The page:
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Jay Presson Allen

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CALIFORNIA | LOCAL
May 6, 2006 | From Times Staff and Wire Reports
Jay Presson Allen, an adapter of novels for stage and screen who stood out in an era when few women worked in that field, has died. She was 84. Allen died Monday at her home in Manhattan after suffering a stroke, daughter Brooke Allen said. Allen's work is credited with bringing out the best in several actresses, including Vanessa Redgrave, Maggie Smith and Liza Minnelli.
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CALIFORNIA | LOCAL
May 6, 2006 | From Times Staff and Wire Reports
Jay Presson Allen, an adapter of novels for stage and screen who stood out in an era when few women worked in that field, has died. She was 84. Allen died Monday at her home in Manhattan after suffering a stroke, daughter Brooke Allen said. Allen's work is credited with bringing out the best in several actresses, including Vanessa Redgrave, Maggie Smith and Liza Minnelli.
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ENTERTAINMENT
March 4, 1991 | BETH KLEID, Arts and entertainment reports from The Times, national and international news services and the nation's press
True Stories: It is not a lie: The play "Tru" will return to Los Angeles a month after it leaves. Robert Morse will repeat his Tony Award-winning role of Truman Capote at the Henry Fonda Theatre beginning April 9. The Jay Presson Allen show closes its current run at the theater on Sunday.
ENTERTAINMENT
May 18, 1991
Jay Presson Allen may justifiably feel a sense of satisfaction at what writer Kari Granville calls a "perfect fit of substance to form" in Allen's writing of "Tru" (April 22), but she has overlooked a glaring error in logic. In the dialogue Allen writes "with great facility," Truman Capote says he's collected enough drugs to stage his own Jonestown massacre, which occurred in November, 1978. Since the action passes during Christmas week of 1975, how could even the witty Tru have known about it three years in advance?
ENTERTAINMENT
May 18, 1991
Jay Presson Allen may justifiably feel a sense of satisfaction at what writer Kari Granville calls a "perfect fit of substance to form" in Allen's writing of "Tru" (April 22), but she has overlooked a glaring error in logic. In the dialogue Allen writes "with great facility," Truman Capote says he's collected enough drugs to stage his own Jonestown massacre, which occurred in November, 1978. Since the action passes during Christmas week of 1975, how could even the witty Tru have known about it three years in advance?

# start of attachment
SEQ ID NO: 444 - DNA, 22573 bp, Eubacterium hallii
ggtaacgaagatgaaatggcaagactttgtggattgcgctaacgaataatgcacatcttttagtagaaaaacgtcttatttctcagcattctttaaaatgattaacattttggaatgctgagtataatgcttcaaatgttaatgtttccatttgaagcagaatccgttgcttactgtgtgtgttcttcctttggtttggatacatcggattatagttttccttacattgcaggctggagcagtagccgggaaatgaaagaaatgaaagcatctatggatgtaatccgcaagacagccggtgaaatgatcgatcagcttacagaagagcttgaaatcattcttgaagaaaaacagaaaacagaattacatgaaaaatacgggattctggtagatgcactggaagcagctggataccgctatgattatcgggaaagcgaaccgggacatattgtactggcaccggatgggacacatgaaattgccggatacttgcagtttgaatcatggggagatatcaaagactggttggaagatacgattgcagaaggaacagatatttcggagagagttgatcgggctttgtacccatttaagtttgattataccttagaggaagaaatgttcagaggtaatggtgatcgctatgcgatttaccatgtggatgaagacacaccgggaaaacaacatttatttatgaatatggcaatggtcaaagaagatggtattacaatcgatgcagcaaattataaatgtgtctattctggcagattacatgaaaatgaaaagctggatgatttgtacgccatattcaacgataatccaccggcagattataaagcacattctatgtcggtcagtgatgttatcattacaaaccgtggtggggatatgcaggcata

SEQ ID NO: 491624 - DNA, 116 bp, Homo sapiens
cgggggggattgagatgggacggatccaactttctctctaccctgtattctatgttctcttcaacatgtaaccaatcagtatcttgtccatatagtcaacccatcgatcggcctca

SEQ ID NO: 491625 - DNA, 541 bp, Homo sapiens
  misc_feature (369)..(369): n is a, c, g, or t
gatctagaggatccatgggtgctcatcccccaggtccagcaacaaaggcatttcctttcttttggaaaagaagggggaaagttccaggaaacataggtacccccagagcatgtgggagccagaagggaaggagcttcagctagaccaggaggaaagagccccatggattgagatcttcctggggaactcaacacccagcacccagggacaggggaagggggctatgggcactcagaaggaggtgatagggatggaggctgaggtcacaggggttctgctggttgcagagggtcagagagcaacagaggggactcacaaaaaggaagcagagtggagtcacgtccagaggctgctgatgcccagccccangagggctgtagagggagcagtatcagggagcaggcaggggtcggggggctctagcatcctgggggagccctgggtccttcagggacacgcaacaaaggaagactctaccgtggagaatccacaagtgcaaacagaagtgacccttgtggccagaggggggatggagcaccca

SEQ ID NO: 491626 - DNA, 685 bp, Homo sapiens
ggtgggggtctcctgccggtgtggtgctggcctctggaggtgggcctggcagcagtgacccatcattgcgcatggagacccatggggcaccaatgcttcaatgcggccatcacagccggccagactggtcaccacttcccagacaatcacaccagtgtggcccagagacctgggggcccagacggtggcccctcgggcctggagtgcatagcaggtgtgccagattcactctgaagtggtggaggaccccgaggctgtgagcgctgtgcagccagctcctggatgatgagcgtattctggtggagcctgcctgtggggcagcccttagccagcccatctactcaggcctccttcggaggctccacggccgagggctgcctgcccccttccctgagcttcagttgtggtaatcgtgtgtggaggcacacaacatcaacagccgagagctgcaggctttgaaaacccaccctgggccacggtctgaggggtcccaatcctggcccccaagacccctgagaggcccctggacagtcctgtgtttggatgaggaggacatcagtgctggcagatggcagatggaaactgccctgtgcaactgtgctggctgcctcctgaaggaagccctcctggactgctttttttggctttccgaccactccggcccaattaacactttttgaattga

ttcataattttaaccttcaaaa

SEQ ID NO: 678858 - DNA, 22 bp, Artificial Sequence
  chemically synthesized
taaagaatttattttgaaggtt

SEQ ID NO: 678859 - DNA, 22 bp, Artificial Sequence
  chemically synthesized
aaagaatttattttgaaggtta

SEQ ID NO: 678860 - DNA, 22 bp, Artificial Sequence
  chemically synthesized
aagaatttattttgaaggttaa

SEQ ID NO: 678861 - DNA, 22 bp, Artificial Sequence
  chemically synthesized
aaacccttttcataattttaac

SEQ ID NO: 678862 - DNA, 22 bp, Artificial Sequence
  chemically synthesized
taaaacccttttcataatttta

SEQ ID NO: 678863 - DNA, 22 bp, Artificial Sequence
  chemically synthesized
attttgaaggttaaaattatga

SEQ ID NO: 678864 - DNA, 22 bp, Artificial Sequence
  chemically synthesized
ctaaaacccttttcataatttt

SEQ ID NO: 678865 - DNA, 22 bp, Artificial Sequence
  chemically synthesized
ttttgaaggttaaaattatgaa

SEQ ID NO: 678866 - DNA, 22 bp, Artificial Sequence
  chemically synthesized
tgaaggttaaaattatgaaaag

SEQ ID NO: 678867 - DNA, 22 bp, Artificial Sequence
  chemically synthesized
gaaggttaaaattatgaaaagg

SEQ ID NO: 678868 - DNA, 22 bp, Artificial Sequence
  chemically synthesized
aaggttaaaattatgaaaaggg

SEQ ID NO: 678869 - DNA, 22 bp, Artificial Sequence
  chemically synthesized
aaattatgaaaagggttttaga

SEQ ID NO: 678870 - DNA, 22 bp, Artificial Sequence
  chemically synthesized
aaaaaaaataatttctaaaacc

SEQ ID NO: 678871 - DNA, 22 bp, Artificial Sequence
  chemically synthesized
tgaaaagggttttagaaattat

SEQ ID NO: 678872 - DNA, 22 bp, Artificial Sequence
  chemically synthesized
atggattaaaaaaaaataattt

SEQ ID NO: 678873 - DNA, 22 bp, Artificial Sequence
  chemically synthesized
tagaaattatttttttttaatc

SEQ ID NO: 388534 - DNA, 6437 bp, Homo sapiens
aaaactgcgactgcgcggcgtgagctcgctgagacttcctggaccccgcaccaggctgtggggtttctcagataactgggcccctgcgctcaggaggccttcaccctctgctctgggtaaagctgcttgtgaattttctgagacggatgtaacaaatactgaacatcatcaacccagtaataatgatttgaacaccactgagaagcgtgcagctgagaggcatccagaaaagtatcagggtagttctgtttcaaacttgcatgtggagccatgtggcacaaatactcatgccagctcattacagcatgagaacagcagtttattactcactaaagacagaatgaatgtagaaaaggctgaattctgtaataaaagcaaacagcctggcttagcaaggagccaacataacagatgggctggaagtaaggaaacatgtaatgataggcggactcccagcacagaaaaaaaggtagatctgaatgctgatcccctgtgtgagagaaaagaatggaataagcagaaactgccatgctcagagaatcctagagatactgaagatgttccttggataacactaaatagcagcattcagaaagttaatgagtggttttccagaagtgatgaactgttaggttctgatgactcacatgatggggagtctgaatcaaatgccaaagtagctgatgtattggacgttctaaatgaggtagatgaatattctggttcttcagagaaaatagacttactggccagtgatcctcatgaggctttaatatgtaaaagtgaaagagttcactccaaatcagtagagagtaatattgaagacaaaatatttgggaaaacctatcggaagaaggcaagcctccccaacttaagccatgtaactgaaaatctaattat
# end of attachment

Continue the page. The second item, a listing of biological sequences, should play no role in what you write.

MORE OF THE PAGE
ENTERTAINMENT
June 1, 1989 | MARK CHALON SMITH
It's no accident that Jean Brodie counts Mussolini and Franco among her models. The aging schoolteacher is an eccentric woman with a gift for moving young minds, but she's also something of a classroom fascist, not above dominating and manipulating her female students in the name of art and knowledge. She's not bad, she's just obsessive--Machiavelli with flash cards, Napoleon with an eraser. In "The Prime of Miss Jean Brodie" by Jay Presson Allen (based on Muriel Sparks' novel)
ENTERTAINMENT
September 8, 1988 | MICHAEL CIEPLY, Times Staff Writer
Kill the Thing! Cut his throat! Spill his blood! ... Spill and kill and cut the MONSTER! Now! Now! Now! --"Lord of the Flies,"Hollywood-style The little ones are American, not British, this time. They worry less about upholding some prep school code than missing out on "Alf" and breakfast tacos. But the awful savagery of the story is coming to life again, with most of its frightening implications about evil that lurks in the hearts of children.